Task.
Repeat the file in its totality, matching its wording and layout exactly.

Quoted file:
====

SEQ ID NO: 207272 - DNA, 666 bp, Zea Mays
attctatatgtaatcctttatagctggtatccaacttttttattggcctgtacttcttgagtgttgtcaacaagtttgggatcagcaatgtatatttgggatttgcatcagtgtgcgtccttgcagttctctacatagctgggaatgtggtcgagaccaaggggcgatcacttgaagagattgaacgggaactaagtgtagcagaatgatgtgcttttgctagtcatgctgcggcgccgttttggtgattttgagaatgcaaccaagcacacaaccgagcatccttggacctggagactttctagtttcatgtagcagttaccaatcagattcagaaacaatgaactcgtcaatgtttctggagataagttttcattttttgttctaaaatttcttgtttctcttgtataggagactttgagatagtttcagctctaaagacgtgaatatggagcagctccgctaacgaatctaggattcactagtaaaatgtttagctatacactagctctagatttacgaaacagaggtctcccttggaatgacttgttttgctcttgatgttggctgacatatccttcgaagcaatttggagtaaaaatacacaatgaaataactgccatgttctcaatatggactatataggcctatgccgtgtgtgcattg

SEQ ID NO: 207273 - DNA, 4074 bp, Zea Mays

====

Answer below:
SEQ ID NO: 207272 - DNA, 666 bp, Zea Mays
attctatatgtaatcctttatagctggtatccaacttttttattggcctgtacttcttgagtgttgtcaacaagtttgggatcagcaatgtatatttgggatttgcatcagtgtgcgtccttgcagttctctacatagctgggaatgtggtcgagaccaaggggcgatcacttgaagagattgaacgggaactaagtgtagcagaatgatgtgcttttgctagtcatgctgcggcgccgttttggtgattttgagaatgcaaccaagcacacaaccgagcatccttggacctggagactttctagtttcatgtagcagttaccaatcagattcagaaacaatgaactcgtcaatgtttctggagataagttttcattttttgttctaaaatttcttgtttctcttgtataggagactttgagatagtttcagctctaaagacgtgaatatggagcagctccgctaacgaatctaggattcactagtaaaatgtttagctatacactagctctagatttacgaaacagaggtctcccttggaatgacttgttttgctcttgatgttggctgacatatccttcgaagcaatttggagtaaaaatacacaatgaaataactgccatgttctcaatatggactatataggcctatgccgtgtgtgcattg

SEQ ID NO: 207273 - DNA, 4074 bp, Zea Mays